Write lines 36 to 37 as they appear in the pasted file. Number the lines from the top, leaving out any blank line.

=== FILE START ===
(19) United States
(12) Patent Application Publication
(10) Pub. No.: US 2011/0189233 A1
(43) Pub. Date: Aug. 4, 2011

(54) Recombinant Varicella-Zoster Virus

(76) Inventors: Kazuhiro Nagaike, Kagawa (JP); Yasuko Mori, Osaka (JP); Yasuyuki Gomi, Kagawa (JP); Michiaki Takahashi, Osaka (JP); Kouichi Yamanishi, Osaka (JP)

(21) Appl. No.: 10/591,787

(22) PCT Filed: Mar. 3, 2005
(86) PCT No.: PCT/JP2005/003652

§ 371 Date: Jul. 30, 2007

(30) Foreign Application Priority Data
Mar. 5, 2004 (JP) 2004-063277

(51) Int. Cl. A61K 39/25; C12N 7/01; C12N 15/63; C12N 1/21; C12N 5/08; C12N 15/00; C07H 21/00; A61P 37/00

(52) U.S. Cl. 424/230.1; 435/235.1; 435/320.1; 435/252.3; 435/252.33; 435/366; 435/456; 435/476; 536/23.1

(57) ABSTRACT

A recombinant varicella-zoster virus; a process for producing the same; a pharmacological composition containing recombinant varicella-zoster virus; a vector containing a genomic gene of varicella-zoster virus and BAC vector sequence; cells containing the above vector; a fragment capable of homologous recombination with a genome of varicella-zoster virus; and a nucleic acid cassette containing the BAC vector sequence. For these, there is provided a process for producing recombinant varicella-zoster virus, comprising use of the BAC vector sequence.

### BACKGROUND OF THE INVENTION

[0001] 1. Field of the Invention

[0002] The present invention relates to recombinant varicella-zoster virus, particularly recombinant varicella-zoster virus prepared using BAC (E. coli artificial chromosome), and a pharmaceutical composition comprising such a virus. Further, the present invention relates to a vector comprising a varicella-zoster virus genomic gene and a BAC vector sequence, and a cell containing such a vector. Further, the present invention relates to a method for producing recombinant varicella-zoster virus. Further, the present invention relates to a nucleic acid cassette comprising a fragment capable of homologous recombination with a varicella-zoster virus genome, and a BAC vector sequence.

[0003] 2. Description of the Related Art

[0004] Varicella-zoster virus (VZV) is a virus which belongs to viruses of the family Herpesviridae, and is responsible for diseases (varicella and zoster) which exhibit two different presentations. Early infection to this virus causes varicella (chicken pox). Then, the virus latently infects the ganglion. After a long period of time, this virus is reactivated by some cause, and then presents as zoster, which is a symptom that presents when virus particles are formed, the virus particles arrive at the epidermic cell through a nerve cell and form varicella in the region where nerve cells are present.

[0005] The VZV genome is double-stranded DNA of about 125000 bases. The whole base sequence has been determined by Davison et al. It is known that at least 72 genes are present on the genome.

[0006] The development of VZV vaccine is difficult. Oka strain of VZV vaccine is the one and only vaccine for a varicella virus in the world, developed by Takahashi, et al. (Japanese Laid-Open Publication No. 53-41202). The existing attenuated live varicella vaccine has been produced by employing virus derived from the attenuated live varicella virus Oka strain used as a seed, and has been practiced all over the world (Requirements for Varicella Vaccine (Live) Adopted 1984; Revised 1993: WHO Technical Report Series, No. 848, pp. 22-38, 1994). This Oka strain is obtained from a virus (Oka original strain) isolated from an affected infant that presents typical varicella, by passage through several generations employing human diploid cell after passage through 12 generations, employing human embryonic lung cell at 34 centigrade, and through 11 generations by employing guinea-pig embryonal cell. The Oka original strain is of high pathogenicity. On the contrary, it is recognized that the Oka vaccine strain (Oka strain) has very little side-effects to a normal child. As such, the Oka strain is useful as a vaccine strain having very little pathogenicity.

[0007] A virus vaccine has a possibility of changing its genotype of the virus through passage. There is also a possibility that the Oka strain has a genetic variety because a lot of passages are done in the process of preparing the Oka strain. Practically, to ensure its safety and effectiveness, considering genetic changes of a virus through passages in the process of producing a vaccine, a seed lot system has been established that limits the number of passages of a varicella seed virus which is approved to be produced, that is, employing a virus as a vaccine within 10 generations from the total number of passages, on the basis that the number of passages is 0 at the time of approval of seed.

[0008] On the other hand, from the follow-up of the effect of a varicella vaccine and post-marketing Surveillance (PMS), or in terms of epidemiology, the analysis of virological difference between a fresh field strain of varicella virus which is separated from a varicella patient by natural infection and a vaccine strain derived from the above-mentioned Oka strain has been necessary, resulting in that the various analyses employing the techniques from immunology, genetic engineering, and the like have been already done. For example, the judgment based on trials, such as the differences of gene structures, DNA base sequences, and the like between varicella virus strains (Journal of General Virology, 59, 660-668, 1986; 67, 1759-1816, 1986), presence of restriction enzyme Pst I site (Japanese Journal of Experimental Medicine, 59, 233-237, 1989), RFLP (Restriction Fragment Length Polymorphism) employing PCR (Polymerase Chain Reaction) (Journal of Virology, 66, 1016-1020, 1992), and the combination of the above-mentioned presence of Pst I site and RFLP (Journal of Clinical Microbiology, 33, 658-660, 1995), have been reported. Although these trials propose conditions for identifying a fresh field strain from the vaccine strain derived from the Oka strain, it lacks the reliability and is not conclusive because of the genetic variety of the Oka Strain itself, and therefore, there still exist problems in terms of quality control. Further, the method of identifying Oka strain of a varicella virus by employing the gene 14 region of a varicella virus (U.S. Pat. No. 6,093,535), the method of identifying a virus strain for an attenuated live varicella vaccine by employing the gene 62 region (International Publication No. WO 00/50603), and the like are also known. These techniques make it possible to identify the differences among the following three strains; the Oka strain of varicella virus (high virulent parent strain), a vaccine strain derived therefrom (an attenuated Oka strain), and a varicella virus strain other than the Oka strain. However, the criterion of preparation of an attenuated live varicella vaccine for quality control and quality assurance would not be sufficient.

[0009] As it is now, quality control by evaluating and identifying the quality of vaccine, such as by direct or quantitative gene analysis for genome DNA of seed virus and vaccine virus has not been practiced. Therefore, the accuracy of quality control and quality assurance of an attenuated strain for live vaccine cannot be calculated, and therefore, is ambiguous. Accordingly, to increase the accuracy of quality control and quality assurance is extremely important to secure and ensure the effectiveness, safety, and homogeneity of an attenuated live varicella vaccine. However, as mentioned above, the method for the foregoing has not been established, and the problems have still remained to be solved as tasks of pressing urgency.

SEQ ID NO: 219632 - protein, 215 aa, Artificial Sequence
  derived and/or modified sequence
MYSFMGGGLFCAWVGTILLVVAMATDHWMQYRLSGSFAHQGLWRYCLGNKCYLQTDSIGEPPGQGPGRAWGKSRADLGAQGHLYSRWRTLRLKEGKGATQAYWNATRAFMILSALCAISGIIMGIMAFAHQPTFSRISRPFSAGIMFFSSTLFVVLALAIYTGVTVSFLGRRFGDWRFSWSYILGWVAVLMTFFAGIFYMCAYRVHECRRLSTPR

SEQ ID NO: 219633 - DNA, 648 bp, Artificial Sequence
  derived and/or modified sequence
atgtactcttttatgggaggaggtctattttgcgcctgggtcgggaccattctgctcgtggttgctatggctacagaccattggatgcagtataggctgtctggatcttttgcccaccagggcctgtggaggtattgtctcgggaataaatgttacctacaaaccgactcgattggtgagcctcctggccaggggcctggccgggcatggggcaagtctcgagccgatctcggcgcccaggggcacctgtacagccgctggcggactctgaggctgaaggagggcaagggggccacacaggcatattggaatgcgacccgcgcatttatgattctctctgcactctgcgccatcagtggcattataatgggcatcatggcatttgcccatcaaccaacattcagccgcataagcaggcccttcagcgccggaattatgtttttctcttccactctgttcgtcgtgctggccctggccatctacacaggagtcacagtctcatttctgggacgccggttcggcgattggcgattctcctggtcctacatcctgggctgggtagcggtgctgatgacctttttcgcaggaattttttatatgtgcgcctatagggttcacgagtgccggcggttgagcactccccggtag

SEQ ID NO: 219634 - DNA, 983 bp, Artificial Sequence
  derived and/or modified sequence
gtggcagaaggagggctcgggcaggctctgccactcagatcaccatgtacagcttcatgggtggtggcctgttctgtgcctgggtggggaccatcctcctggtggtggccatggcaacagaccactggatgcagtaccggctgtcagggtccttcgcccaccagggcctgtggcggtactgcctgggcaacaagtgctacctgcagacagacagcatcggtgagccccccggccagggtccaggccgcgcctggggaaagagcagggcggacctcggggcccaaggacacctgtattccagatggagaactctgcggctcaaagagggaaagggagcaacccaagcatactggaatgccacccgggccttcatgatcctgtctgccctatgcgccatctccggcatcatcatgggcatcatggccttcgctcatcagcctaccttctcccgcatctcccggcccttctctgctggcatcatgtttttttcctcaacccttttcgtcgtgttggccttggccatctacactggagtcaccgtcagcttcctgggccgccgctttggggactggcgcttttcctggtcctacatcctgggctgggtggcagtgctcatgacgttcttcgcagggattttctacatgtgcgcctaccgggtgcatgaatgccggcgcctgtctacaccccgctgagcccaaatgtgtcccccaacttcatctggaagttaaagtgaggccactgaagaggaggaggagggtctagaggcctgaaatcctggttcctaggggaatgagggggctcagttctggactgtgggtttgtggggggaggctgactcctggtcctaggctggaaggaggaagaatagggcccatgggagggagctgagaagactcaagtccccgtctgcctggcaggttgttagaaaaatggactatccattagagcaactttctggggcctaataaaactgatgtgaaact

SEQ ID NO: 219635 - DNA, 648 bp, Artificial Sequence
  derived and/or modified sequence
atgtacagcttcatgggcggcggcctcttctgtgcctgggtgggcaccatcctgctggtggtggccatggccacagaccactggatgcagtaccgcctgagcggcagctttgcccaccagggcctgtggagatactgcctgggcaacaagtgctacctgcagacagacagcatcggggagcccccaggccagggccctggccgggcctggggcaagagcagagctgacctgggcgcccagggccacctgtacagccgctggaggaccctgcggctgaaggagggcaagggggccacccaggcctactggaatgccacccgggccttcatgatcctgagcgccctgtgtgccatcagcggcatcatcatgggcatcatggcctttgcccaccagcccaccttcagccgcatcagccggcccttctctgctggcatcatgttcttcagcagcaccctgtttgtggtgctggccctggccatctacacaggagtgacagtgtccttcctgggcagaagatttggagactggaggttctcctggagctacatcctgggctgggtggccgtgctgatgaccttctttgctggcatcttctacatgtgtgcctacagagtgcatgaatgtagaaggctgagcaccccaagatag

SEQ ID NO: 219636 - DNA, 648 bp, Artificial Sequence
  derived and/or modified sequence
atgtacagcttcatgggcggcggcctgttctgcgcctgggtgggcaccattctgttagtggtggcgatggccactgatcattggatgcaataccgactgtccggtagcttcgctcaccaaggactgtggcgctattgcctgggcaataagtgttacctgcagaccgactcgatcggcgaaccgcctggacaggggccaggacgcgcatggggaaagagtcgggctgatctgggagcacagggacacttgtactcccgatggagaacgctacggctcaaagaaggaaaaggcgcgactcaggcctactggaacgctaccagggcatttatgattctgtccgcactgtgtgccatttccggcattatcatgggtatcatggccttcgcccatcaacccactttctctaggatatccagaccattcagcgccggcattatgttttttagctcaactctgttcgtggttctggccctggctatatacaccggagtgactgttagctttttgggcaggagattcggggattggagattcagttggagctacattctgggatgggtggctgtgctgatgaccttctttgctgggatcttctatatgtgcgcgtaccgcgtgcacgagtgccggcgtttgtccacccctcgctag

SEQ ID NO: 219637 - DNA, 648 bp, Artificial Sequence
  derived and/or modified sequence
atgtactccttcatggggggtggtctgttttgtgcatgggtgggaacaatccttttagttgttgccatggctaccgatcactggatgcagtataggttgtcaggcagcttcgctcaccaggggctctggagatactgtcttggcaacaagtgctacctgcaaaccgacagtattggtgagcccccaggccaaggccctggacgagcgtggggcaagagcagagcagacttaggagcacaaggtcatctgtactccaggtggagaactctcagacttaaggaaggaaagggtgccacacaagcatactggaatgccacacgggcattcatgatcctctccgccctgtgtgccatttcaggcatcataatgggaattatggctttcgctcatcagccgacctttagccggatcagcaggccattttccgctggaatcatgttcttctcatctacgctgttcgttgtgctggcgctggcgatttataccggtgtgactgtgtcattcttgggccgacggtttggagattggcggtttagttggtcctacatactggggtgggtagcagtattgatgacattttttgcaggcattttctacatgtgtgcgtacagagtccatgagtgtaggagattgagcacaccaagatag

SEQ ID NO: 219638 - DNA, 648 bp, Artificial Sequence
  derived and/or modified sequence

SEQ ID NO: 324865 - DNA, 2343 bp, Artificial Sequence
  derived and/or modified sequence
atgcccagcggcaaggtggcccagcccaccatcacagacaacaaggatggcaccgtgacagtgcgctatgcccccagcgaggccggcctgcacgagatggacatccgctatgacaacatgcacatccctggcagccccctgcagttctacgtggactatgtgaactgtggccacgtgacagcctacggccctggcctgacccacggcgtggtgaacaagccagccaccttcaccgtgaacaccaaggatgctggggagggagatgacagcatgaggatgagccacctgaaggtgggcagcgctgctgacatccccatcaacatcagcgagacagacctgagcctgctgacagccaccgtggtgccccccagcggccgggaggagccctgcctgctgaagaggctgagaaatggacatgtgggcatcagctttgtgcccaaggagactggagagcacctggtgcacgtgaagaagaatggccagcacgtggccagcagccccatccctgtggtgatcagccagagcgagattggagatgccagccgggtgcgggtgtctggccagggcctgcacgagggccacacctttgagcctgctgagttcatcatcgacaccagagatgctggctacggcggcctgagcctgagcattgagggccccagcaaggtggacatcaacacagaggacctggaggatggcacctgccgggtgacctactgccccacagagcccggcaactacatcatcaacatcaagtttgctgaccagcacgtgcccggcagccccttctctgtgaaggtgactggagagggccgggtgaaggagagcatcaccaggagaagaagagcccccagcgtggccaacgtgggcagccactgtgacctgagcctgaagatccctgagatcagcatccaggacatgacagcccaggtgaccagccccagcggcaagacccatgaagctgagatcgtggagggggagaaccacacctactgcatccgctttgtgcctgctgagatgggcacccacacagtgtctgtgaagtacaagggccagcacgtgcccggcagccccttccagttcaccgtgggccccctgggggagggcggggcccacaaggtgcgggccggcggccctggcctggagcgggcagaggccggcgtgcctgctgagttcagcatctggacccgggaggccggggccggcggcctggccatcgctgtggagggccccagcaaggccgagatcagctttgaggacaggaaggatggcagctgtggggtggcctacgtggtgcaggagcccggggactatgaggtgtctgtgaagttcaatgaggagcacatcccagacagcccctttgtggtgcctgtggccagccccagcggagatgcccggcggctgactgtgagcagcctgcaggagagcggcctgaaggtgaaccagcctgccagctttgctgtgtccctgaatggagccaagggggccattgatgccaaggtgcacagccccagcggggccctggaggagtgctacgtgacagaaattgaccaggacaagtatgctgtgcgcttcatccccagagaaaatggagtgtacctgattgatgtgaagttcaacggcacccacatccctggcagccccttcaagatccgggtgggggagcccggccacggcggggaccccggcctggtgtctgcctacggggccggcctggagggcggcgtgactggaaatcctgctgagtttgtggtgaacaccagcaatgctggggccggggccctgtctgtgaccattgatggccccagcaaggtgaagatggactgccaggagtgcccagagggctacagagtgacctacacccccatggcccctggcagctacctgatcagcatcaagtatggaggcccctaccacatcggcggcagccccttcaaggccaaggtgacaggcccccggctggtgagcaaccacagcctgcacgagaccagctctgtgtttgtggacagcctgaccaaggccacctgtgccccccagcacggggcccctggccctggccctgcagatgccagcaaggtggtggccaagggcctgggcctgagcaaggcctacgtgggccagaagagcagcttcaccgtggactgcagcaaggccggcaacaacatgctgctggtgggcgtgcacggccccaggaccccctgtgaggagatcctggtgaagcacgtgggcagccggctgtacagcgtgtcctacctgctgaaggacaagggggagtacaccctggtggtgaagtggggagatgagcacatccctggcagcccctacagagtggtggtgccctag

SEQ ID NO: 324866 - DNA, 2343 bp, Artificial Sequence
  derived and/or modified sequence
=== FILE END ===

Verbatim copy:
SEQ ID NO: 219635 - DNA, 648 bp, Artificial Sequence
  derived and/or modified sequence